Groupon Offers Cheaper Imaging Services, But It Comes with Risks

November 3, 2020
Whitney J. Palmer

Purchasing vouchers for imaging services could present safety risks and set customer up for upselling attempts.

Imaging services can be expensive, so getting a coupon for a deeply discounted scan could be enticing to a patient who is worried about his or her health. But, is marketing radiology services directly to a consumer for a much cheaper price actually safe and ethical?

Researchers from Brigham and Women’s Hospital set out to find out what happens when companies use internet-based services, such as Groupon, to encourage patients to purchase and pursue imaging services that their doctors have not necessarily ordered. Not only could this situation grow the number of unnecessary tests, but it could also cause a rise in false positives and incidental findings, they said.

The team, led by Sheena Desai, a current M.D./MBA student at Tufts University School of Medicine who was at Brigham and Women’s at the time of this study, published their results in a research letter in the Nov. 2 JAMA Internal Medicine.

Based on their review, Desai’s team discovered 84 companies in 27 states use Groupon to offer vouchers for 130 different types of imaging services, but only one company included a statement that mentions the potential risks that can be associated with medical imaging. And, with more than 28,000 of these coupons purchased as of February 2020, that can be problematic and dangerous, the team said in their letter.

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“Although free-market solutions can increase patient flexibility and curtail healthcare costs, consumer independence must be balanced with the potential for harm,” Desai said.

Specifically, customers can be persuaded to buy coupons based on unsubstantiated medical claims included in these promotions, potentially choosing to undergo unsafe exams.

To make this determination, Desai’s team examined vouchers offered on the “Imaging and Scans” section of Groupon to find active discount coupons. They also searched Google, using the keywords “Groupon medical scans.” They determined that patients purchased 28,380 imaging services vouchers through Groupon, and 45.2 percent of companies (38 organizations) that offered vouchers made unsubstantiated medical claims, such as crediting CT with being able to prevent heart disease and predict future heart attacks.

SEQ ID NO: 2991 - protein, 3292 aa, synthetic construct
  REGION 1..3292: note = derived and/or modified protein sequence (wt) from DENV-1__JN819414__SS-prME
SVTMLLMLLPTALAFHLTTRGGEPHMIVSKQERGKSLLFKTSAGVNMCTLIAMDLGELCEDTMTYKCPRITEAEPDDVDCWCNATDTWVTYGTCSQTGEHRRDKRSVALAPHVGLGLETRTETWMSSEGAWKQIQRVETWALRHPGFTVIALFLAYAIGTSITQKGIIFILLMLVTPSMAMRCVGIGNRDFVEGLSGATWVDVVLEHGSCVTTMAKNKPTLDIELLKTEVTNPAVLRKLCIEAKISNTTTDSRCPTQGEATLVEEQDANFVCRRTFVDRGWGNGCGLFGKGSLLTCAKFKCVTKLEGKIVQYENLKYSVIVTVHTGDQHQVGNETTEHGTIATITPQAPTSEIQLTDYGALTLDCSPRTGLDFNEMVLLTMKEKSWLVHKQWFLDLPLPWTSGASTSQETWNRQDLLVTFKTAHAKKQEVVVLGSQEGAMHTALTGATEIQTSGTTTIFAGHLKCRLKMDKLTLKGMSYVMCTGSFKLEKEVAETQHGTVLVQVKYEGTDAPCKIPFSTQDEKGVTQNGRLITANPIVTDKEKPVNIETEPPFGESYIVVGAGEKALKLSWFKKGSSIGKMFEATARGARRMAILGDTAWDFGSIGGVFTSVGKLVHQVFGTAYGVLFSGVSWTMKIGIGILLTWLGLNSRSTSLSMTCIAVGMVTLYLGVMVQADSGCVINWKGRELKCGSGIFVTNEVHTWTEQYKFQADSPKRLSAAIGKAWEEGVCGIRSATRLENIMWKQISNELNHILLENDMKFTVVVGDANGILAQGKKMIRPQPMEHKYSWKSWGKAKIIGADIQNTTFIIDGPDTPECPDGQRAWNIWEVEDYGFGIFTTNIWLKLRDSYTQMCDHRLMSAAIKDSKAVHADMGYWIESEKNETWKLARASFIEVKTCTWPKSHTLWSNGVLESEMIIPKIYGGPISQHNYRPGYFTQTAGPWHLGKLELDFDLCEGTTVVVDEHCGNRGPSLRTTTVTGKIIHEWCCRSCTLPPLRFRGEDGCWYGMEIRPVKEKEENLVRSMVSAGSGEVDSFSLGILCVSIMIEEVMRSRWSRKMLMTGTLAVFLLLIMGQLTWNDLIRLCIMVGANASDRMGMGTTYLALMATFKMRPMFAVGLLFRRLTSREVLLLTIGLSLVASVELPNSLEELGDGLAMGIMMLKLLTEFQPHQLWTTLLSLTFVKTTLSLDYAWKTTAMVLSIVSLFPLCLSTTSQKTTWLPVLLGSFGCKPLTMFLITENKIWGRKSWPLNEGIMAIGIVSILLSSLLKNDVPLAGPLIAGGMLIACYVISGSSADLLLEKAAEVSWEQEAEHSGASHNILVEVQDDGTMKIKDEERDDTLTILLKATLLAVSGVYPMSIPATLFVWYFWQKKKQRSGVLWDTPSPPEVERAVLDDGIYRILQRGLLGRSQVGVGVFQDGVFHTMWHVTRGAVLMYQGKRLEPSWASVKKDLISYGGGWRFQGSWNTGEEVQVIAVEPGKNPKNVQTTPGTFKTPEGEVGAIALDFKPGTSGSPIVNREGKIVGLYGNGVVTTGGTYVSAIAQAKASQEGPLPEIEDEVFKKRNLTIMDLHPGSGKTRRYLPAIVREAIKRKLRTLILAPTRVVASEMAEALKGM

Looking at the coupons, CT was the most popular service, accounting for 41.3 percent of purchases followed by fetal ultrasound at 36.9 percent. And, the purchase prices were widely varied. The average costs ranged from $60 for a body or biofeedback scan to $687 for an MRI. More specifically, discounts could be as deep as 94 percent for a combination of CT scans, slicing prices from $1,569 to $95, and 34 percent for thermography studies, dropping price tags from $370 to $244. Average retail prices, the team said, were $126 to $2,000, respectively.

Customer responses and reviews of these vouchers were also equally varied, Desai’s team determined. Overall, the average customer rating from 2,044 reviews was 4.8 out of 5 stars. While some customer comments were positive because the services detected undiagnosed pathologies, including heart problems that led to subsequent interventions, 4.4 percent of reviews (90) revealed that companies tried to upsell additional imaging services. Other customers shared their negative experiences with the scans themselves – one individual who purchased a prenatal ultrasound revealed they were told the wrong gender of their fetus.

Ultimately, the team said, these direct-to-consumer (DTC) efforts will likely lead to greater price transparency for imaging scans, but it is unlikely that any of these appointments or consultations will result in patients receiving unbiased or thoughtful medical guidance. In addition, in most circumstances, there is a low chance that patients will be informed of the risks associated with imaging services.

The study did have limitations, though, the team said. They were not able to fully identify patients’ motivations for pursuing imaging, confirm sales, or evaluate exam quality. Consequently, more research is needed.

“Future studies should examine the appropriateness, accuracy, safety, and follow-up of DTC imaging services to determine their true benefit,” they said. “Improvement regulation of medical advertising is needed to reduce false claims and improve patient safety, thereby maximizing the benefits of DTC imaging services while minimizing the potential for harm.”